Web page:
Similarly, doctors often use the rule of thumb,

“When you hear hoofbeats, think horses, not zebras,”

reminding themselves to first consider common diagnoses before jumping to rare conditions. This rule helps them streamline their decision-making process.

But why is it that practitioners, more than academics and theorists, lean heavily on these rules of thumb?

The answer lies in the difference between the two realms: the world of hands-on practice and the world of theoretical knowledge.

Theory, as its name suggests, dwells in the domain of ideas. It seeks to understand and explain phenomena in a systematic, often abstract, way. Theoretical knowledge is vital, no doubt, but it often doesn't account for the myriad of variables and unique circumstances that pop up in the real world.

On the other hand, practice is all about action and adaptation. Practitioners live in a world where theory meets reality, a world filled with unexpected turns, variable conditions, and the pressing need for immediate, effective action.

This is where rules of thumb truly shine. They allow practitioners to apply their experience swiftly and efficiently, bridging the gap between theory and practice, and making sense of the complexity that defines their everyday reality.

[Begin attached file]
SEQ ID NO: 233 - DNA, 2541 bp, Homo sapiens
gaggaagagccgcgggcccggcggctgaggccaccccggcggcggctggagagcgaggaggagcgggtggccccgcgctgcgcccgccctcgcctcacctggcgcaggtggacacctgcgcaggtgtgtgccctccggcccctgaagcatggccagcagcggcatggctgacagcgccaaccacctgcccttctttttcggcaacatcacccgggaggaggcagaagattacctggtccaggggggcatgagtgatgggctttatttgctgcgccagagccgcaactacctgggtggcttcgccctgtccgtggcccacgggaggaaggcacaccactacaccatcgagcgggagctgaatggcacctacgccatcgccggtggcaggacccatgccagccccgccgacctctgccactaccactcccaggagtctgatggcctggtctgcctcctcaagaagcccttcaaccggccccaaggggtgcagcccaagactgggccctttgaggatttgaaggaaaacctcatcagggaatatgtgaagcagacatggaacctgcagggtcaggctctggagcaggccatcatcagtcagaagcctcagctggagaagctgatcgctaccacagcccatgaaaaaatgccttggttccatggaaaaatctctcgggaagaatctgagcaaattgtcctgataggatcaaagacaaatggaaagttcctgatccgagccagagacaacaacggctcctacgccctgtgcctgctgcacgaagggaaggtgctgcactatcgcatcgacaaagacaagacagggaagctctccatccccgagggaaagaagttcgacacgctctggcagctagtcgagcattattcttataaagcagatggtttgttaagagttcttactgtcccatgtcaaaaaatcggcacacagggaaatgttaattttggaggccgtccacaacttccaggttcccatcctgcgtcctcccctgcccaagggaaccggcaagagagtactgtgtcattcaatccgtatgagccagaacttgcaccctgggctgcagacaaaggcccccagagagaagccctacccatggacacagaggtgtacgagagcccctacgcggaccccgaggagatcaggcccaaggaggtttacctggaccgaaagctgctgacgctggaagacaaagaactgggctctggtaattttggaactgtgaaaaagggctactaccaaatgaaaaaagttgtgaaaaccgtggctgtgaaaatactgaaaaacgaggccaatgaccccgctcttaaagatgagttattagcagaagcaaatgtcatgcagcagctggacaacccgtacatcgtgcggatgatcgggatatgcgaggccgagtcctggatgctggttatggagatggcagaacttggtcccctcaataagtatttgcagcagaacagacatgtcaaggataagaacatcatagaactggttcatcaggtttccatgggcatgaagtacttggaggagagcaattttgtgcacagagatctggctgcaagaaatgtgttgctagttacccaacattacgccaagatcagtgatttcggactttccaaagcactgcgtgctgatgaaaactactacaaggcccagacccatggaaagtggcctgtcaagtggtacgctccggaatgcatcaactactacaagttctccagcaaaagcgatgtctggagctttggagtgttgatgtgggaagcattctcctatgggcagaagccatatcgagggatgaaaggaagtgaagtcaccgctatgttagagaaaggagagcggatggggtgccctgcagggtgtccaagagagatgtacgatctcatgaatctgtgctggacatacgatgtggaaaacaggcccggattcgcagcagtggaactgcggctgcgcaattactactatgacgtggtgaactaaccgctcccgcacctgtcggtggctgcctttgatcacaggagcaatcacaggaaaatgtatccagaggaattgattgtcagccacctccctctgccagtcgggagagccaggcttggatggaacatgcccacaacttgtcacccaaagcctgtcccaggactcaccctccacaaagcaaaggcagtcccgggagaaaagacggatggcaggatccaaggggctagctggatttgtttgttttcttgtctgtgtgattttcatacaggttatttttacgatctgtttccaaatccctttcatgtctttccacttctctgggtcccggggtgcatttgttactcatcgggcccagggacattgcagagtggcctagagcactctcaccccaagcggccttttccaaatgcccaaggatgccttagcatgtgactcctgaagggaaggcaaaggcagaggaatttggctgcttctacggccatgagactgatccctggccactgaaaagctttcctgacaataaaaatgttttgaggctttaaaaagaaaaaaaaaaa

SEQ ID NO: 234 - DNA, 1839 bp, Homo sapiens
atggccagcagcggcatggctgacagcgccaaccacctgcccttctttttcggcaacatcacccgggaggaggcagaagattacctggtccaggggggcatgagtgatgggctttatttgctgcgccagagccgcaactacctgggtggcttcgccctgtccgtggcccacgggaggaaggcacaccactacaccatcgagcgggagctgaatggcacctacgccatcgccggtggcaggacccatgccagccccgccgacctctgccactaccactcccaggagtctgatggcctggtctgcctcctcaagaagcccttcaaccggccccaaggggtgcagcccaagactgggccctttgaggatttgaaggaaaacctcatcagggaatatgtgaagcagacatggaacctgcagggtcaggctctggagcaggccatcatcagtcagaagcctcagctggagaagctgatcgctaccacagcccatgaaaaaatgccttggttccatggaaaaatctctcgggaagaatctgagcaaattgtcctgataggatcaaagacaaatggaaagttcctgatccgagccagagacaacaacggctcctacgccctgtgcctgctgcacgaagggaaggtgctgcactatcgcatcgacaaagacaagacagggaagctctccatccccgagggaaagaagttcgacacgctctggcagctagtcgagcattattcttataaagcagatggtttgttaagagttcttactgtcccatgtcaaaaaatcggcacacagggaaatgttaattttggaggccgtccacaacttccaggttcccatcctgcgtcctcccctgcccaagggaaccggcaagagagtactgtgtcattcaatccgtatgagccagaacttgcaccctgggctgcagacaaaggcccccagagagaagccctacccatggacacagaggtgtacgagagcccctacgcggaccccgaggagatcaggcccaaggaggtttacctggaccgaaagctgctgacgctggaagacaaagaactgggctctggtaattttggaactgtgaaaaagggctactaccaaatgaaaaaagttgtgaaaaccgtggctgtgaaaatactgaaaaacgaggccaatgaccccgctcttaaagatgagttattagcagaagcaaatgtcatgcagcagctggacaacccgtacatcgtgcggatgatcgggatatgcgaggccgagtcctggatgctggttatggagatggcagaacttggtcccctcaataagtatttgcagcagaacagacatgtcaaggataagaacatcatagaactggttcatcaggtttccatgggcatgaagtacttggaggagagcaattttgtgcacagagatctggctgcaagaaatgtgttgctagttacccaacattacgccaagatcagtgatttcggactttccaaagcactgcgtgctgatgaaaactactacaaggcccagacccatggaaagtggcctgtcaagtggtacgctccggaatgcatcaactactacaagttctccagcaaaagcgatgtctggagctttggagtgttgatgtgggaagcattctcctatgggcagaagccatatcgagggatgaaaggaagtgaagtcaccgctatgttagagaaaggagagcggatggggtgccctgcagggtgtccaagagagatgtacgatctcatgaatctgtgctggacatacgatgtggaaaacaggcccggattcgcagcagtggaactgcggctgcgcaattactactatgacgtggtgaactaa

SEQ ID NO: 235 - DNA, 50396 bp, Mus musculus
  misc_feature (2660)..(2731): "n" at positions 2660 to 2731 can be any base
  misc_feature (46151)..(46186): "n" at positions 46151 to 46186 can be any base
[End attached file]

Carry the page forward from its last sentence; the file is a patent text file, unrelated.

Consider, for instance, Charlie Munger often speaking about using a mental checklist when evaluating a business opportunity. This checklist isn't merely a list of theoretical concepts. Instead, it's a set of guiding principles, each forged from years of investing experience — a set of rules of thumb that have helped him make sound judgments quickly and effectively.

Now, I'm not saying that theory has no place in practical fields. Quite the opposite. A strong theoretical base provides the foundation upon which practitioners can build their unique set of rules of thumb.

But at the end of the day, when faced with a real-world decision under time pressure, it's these tried and tested heuristics that often make the difference between an effective decision and a missed opportunity.

Rules of thumb are a practitioner's best friend.

The magic lies in their ability to condense and encapsulate a plethora of past experiences, observations, and lessons learned into a simple, actionable format. This isn't an overnight phenomenon. Rather, it's a gradual process that unfolds over years of practice and learning.

Every rule of thumb carries within it countless hours of trial and error, numerous successful and failed ventures, and a lifetime of learning from the school of hard knocks. They are like compact guidebooks, each page filled with invaluable insights gained from the real world.